Friday, February 17, 2006

THE PLOT by Eisner

The Plot: The Secret Story of The Protocols of the Elders of Zion

I just got around to reading Will Eisner's last book, THE PLOT, an attempt to bring the refutation of the Protocols of the Elders of Zion (a treatise used to incite anti-Jewish sentiment for the last century) into a popular form. It's an uneven but entertaining book, I thought. I've always had a mixed reaction to Eisner's non-Spirit "serious" comics, certainly admiring the storytelling and technical skills he brings, but often finding the melodramatic style and exaggerated characters a bit off-putting. Of those I read, only TO THE HEART OF THE STORM really worked for me throughout.

This book is quite different from his previous graphic novels, depicting Eisner's interpretation of historical events starting in mid-19th century France and moving to Russia and around the world. The first half of the book traces the origins of "Dialogues in Hell Between Machiavelli and Montesquieu", a French pamphlet used to criticize Napoleon III, and the attempts of certain Russian factions to block reform and modernization contrary to their own interests by using the Tsar's distrust of Jews, and how they merged in the creation of the "Protocols", purporting to reveal a vast Jewish conspiracy.

That all works very well, and is the best part of the book. Eisner drops a lot of information and dramatizes it well, not always realistically but effective and entertaining. It's a shame that towards the end of that section he just summarizes various other events in a quick text page, as it would have been interesting to see how he would have drawn that.

The next section of the book drags, unfortunately, as Eisner devotes about two dozen pages to the proof, discovered in the early 1920s, that the "Protocols" are indeed fake, mainly by comparing selections of them to the earlier "Dialogues in Hell" while a character reads along and makes some observations. It's hard going, especially since both of the source texts are pretty dull, and I can see why Eisner might have wanted to include them to give the book some scholarly heft, but it's not very good comics.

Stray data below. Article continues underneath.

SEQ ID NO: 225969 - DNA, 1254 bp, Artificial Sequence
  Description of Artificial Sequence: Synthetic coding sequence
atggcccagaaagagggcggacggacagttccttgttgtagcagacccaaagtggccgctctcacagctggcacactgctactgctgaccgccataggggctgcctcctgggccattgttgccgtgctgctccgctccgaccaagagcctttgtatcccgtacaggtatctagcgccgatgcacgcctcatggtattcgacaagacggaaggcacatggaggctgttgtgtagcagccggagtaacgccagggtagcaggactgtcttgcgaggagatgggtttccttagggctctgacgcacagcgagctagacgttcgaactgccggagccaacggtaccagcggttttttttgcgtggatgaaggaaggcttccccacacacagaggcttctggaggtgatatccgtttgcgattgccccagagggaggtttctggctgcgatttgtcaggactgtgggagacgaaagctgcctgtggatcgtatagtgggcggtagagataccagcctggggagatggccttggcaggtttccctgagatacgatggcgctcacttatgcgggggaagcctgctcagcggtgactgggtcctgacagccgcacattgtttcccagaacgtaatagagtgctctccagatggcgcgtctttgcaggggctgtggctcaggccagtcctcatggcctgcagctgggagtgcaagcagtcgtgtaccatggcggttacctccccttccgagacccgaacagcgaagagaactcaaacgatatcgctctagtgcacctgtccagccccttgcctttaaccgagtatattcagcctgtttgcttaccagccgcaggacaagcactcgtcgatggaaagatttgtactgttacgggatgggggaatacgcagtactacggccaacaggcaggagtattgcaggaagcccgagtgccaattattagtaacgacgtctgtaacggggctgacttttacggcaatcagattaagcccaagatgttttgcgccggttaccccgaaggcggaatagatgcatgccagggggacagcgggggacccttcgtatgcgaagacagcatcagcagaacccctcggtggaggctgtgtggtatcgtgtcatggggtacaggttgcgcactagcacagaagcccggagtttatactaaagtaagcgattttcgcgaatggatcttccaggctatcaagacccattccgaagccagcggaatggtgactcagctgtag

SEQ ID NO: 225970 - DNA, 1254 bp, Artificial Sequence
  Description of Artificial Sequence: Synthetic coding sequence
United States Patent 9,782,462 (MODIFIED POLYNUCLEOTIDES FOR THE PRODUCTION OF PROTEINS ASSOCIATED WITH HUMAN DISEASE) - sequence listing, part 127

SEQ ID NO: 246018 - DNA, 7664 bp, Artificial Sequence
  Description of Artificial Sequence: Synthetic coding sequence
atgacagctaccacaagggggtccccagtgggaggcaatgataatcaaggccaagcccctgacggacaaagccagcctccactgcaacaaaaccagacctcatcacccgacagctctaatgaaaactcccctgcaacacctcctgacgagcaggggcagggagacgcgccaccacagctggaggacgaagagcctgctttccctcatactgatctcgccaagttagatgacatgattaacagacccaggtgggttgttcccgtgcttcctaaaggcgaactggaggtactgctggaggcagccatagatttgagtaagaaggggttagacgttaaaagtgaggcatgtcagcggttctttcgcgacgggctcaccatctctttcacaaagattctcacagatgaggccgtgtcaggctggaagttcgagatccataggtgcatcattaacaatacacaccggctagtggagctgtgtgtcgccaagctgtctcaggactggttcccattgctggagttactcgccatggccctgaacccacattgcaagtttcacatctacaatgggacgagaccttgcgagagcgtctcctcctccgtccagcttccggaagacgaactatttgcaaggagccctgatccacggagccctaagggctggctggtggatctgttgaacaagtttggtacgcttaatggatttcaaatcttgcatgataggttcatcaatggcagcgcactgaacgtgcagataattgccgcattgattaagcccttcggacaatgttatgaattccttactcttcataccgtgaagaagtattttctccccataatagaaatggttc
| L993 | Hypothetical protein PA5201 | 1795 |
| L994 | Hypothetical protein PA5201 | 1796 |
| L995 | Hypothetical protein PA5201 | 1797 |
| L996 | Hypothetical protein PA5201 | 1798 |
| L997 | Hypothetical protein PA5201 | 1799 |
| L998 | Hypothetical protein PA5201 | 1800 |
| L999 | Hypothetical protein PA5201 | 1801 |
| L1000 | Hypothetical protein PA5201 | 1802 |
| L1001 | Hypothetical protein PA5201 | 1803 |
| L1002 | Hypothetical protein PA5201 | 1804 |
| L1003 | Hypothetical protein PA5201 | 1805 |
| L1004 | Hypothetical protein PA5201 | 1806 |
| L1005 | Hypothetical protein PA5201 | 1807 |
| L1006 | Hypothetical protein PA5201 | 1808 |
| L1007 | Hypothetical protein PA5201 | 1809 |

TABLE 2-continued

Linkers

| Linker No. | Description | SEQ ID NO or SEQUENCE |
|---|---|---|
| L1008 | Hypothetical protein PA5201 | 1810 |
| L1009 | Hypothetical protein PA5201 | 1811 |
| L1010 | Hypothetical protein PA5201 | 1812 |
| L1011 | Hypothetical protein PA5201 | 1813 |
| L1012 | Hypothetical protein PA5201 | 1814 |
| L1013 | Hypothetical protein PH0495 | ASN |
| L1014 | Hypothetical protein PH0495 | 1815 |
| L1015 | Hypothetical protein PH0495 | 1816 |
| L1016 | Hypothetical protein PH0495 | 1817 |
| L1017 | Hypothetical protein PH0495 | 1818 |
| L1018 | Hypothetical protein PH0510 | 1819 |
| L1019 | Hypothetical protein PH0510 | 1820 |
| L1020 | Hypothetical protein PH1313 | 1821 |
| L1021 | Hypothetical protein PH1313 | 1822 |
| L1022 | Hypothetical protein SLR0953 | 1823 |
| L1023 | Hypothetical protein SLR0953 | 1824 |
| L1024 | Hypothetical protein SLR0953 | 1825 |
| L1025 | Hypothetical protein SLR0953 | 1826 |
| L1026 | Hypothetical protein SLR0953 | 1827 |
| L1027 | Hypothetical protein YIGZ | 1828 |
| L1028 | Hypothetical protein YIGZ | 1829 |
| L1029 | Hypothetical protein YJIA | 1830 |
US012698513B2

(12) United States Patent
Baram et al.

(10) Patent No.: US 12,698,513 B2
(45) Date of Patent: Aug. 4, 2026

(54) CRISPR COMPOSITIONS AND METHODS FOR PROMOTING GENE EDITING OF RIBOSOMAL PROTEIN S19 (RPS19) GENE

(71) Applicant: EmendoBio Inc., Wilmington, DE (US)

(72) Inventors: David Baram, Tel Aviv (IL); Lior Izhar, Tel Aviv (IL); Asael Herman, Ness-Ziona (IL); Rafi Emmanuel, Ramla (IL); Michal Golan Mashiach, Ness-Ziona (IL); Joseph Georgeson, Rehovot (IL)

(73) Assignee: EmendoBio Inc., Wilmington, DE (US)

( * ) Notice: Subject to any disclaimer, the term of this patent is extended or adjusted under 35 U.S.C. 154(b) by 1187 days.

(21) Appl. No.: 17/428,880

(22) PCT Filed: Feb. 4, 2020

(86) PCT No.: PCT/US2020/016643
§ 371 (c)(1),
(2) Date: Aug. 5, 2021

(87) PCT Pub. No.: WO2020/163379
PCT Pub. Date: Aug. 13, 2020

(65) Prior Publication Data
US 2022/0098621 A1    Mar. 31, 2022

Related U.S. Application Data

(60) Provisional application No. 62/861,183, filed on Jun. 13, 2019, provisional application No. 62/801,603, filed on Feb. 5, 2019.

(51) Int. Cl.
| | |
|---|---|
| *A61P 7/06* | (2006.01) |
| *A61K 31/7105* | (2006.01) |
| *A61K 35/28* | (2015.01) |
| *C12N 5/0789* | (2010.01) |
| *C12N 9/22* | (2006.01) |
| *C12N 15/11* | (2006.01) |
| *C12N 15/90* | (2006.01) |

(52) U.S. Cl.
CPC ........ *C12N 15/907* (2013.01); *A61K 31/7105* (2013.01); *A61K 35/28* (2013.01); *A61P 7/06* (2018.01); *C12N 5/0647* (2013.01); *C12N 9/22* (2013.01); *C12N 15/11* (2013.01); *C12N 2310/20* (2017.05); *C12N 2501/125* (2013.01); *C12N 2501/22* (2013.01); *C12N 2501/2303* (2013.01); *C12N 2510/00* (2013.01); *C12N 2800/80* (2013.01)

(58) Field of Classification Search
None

The final section picks up slightly, as he traces the wide dissemination and influence of the "Protocols" through the 20th century and beyond, starting with their use in the rise of Nazi Germany, despite clear evidence of their falseness and repeated attempts to debunk them once and for all. It's all short vignettes, and some work better than others, at times Eisner stages the scenes so that it feels more like the characters are talking to the reader than anyone around them in an attempt to get a lot of information in a short space.

Overall it's a book worth reading, but I think Eisner kind of tried to do too much, and might have better served the material by focusing on the first third more. The middle didn't really benefit from being done as comics, and the point of the last part probably could have been made more elegantly.

I'm not sure it all matters, though, as Eisner seems to avoid the point that the reason the fact that the "Protocols" are fake never takes, especially in the modern day, is that the actual text is irrelevant. Very little of what appears in the excerpts he selects has any bearing on modern anti-Semitism, and I doubt many of the widely disseminated copies are read at all. It's just a pretext for the hate, not the cause. I was going to tie this around to the current furor over those Danish editorial cartoons, but don't really have time to do the additional research. I think the connection is obvious enough, though. Anyway, while I can understand Eisner's desire to do a popular debunking of the "Protocols", and think the book is overall an artistic success, I'm not sure it'll actually convince anyone who needs convincing, if that was his desire.

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